Boreal Forest Fires
Wildfires in the boreal region are rare, but with the rapidly changing climate, their occurrence is likely to increase. While fire is a natural part of ecosystem changes, its scale and intensity will have significant impacts on the composition of vegetation, the carbon stored in the soils beneath, and livelihoods in the high northern latitudes.
The boreal forest region is one of the largest forested regions on the globe and, historically, the source of about 10% of the carbon released by wildfires. At the same time it is the region with the highest temperature increase worldwide. It is expected that with a changing climate there will be more vegetation growing in the high latitudes, while the lengths of the burning season will extend with higher temperatures leading to even dryer fuels. All of the above will most likely lead to an increase of wildfires in general, but also to an increase of extreme fires, as the 2021 and 2023 fire seasons have shown.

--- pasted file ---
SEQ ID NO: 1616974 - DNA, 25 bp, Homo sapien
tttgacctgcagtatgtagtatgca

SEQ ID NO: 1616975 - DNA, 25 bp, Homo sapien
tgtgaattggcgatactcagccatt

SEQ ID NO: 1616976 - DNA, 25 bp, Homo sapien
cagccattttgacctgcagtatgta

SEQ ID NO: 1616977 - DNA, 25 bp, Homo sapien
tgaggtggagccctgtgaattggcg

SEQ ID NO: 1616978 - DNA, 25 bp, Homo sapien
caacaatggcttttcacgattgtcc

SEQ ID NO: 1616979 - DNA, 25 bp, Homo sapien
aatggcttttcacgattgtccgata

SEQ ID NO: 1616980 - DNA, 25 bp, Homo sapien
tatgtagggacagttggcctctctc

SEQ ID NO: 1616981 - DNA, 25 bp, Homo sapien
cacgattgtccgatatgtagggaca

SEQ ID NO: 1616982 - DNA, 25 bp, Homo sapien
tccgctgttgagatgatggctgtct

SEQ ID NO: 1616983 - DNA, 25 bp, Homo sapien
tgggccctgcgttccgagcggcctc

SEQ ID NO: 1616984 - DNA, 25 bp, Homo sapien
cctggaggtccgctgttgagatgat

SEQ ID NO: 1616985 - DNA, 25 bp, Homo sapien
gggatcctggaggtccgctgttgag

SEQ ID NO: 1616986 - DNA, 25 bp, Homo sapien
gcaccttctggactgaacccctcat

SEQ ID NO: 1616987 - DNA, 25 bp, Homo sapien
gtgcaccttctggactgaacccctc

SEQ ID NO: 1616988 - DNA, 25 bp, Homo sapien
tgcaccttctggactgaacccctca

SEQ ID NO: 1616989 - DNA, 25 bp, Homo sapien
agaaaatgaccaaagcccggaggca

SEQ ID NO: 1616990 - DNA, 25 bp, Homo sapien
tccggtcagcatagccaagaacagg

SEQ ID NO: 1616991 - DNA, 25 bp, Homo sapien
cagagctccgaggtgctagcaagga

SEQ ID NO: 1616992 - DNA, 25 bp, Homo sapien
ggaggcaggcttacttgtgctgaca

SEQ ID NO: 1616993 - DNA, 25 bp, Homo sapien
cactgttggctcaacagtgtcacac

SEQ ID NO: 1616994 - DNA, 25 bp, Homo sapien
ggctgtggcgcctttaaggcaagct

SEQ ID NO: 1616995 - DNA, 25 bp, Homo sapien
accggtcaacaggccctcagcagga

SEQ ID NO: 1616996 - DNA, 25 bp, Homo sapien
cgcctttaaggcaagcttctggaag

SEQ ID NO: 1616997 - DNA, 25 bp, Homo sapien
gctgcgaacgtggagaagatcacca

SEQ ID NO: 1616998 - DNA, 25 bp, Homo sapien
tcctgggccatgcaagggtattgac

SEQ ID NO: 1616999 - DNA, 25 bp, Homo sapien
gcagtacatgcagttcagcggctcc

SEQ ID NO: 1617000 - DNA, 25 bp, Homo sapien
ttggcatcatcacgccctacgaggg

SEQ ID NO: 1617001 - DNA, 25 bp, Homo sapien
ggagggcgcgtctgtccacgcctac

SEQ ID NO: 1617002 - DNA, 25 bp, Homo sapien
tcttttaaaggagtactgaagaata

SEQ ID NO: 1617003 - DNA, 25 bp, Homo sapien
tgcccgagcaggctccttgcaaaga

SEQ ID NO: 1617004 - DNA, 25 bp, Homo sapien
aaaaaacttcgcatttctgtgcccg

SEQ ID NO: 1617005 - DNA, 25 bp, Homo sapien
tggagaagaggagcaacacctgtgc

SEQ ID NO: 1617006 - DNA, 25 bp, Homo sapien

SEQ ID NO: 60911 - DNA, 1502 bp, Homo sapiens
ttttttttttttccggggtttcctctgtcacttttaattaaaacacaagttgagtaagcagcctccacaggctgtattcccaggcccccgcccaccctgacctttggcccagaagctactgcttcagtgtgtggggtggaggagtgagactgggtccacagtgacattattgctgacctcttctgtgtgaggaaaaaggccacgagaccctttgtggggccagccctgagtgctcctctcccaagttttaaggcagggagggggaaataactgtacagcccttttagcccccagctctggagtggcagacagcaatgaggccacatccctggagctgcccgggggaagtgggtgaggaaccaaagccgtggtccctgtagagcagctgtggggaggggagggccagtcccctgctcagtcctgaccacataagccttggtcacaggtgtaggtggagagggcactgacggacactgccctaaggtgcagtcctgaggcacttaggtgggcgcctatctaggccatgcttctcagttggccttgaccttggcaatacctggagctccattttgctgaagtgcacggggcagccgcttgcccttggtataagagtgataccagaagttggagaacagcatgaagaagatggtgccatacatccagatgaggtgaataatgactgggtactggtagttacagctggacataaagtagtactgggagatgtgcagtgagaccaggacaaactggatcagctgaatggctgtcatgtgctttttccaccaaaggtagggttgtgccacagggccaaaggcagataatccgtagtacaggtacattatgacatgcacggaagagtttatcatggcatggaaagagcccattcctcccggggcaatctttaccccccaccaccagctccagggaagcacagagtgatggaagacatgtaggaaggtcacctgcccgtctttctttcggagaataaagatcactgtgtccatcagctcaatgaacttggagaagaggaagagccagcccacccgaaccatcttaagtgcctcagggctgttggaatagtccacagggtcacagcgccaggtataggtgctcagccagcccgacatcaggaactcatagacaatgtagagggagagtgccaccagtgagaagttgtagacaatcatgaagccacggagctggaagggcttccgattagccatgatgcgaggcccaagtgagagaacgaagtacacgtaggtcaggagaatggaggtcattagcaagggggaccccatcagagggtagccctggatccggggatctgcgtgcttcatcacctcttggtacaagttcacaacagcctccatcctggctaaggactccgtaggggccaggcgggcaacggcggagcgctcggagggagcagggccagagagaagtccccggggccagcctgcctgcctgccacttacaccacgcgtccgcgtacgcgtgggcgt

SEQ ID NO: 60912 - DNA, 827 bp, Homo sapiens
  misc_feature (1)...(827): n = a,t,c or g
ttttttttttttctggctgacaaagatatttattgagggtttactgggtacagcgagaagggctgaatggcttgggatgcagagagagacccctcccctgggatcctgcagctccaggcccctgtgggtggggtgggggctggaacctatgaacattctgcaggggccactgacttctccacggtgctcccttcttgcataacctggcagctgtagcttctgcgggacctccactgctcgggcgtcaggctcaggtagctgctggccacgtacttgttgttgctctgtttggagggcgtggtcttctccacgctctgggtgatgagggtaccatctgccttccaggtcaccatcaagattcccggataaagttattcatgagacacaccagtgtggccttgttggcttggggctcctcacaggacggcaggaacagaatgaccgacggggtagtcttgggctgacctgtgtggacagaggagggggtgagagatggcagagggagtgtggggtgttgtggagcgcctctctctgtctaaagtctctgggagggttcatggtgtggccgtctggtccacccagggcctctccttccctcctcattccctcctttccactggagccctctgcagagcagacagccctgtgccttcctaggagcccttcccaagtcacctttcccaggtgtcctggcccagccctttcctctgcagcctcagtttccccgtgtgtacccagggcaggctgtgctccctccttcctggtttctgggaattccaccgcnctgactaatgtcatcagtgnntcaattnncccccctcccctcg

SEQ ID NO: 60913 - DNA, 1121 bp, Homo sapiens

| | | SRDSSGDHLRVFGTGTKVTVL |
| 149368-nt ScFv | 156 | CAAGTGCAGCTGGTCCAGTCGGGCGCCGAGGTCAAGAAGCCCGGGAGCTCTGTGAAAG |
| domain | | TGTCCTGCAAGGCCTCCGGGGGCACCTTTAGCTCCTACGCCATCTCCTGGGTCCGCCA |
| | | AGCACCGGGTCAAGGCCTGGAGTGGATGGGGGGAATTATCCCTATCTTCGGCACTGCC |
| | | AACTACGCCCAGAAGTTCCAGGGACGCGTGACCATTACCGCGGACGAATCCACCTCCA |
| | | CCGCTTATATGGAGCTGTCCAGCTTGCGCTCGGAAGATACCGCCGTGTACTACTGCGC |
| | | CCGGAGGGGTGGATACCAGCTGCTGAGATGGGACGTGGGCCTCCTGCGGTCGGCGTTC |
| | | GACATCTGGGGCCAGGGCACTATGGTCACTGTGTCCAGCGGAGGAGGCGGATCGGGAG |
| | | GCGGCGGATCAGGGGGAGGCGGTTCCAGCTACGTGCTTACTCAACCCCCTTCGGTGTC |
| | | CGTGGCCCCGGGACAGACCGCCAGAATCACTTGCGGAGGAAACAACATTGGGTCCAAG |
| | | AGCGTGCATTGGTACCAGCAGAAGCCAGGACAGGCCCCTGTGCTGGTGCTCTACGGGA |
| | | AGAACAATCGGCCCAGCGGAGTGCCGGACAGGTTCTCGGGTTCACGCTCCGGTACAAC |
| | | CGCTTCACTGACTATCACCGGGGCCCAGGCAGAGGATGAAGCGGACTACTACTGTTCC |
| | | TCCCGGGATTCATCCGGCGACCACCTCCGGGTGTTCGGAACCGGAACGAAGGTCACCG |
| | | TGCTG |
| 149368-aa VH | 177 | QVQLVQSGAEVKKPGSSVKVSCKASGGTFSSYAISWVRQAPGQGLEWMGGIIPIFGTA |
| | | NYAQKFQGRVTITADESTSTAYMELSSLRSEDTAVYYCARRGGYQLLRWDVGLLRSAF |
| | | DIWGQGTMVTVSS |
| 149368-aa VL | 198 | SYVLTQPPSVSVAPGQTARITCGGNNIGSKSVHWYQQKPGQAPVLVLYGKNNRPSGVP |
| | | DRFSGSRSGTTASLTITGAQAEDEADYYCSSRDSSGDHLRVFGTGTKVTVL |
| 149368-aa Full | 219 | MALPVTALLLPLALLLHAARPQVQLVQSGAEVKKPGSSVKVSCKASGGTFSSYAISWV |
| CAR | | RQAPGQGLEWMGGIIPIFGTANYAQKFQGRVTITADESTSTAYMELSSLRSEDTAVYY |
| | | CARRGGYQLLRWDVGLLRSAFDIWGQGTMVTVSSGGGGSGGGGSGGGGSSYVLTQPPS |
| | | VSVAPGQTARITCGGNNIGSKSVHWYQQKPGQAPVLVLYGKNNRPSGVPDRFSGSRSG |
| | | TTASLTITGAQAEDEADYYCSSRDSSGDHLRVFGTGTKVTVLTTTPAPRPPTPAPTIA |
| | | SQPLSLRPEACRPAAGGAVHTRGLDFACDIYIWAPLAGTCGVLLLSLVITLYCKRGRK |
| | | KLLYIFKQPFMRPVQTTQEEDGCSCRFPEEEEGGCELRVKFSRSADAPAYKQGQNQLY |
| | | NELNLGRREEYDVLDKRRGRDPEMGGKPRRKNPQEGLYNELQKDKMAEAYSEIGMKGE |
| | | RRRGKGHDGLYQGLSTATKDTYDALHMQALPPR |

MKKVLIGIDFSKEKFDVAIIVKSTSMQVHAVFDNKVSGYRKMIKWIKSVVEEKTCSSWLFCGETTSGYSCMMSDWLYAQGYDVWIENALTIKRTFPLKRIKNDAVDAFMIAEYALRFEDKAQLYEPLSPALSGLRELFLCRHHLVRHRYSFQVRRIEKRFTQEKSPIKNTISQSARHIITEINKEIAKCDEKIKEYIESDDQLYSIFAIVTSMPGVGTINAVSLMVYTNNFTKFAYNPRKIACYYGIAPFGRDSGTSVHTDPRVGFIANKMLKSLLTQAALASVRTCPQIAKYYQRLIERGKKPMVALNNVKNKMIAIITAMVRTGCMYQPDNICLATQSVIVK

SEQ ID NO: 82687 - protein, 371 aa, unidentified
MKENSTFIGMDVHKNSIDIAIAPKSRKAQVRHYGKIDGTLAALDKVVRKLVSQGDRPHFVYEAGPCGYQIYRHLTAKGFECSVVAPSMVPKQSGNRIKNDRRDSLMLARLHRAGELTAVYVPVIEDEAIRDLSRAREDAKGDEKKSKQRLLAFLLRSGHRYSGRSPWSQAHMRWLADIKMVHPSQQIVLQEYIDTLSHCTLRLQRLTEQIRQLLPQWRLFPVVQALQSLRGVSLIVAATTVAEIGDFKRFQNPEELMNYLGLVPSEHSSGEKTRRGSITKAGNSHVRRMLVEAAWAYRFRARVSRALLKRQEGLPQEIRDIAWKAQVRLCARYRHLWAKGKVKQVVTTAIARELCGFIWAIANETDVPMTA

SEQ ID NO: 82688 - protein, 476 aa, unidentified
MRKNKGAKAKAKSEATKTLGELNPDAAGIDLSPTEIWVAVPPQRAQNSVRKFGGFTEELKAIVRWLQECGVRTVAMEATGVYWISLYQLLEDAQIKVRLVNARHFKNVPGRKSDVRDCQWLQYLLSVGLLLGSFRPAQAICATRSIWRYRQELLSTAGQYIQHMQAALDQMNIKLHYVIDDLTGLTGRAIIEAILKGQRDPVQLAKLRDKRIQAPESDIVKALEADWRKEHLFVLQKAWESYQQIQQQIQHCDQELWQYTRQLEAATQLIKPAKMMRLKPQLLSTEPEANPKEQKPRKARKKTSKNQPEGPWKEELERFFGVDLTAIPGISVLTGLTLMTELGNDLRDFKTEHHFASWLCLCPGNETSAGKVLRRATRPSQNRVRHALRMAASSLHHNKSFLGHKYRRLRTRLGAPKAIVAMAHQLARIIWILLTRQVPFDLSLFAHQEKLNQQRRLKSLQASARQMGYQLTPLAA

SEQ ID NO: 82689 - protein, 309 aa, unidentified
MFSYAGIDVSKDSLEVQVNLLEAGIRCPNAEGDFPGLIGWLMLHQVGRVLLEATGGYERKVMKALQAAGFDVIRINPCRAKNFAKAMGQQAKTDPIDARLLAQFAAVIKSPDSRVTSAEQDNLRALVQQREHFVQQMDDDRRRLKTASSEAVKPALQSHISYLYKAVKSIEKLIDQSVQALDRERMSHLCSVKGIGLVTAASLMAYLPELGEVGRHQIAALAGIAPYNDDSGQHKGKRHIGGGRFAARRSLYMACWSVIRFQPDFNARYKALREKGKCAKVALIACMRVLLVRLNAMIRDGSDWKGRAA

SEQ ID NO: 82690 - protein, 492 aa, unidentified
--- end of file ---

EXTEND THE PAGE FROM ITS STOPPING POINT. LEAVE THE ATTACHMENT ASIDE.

In this part of the project, we will investigate how a changing climate will alter fire regimes in the boreal regions. Extended dry and warm periods are expected to lead to an increased availability of cured fuels that facilitate both a higher number and intensity of wildfires. Moreover, higher temperatures and longer growing seasons will likely lead to northward migration of shrubs and trees, which in turn will lead to more flammable biomes and more biomass, resulting in even more fuel.
We have chosen 2 storylines for the pan-arctic region that differ from the multi-model mean of the ensemble of simulations in certain ways. One of the goals of this project is to find out how these conditions will change and uncover the vulnerabilities within the different storylines.
- Storyline 1: Strong Arctic amplification with a weak warming of the Barent-Kara sea
- Storyline 2: Weak Arctic amplification with a strong warming of the Barent-Kara sea
These storylines have been chosen to provide different climatic conditions rather than one being just an enhanced (e.g. stronger or more extreme) copy of the other. The outcomes of the simulations using these storylines will give an indication as to whether we will have to expect a wider range of possible future Arctic fire regimes and vegetation compositions and where changes are most significant for both, environment and society.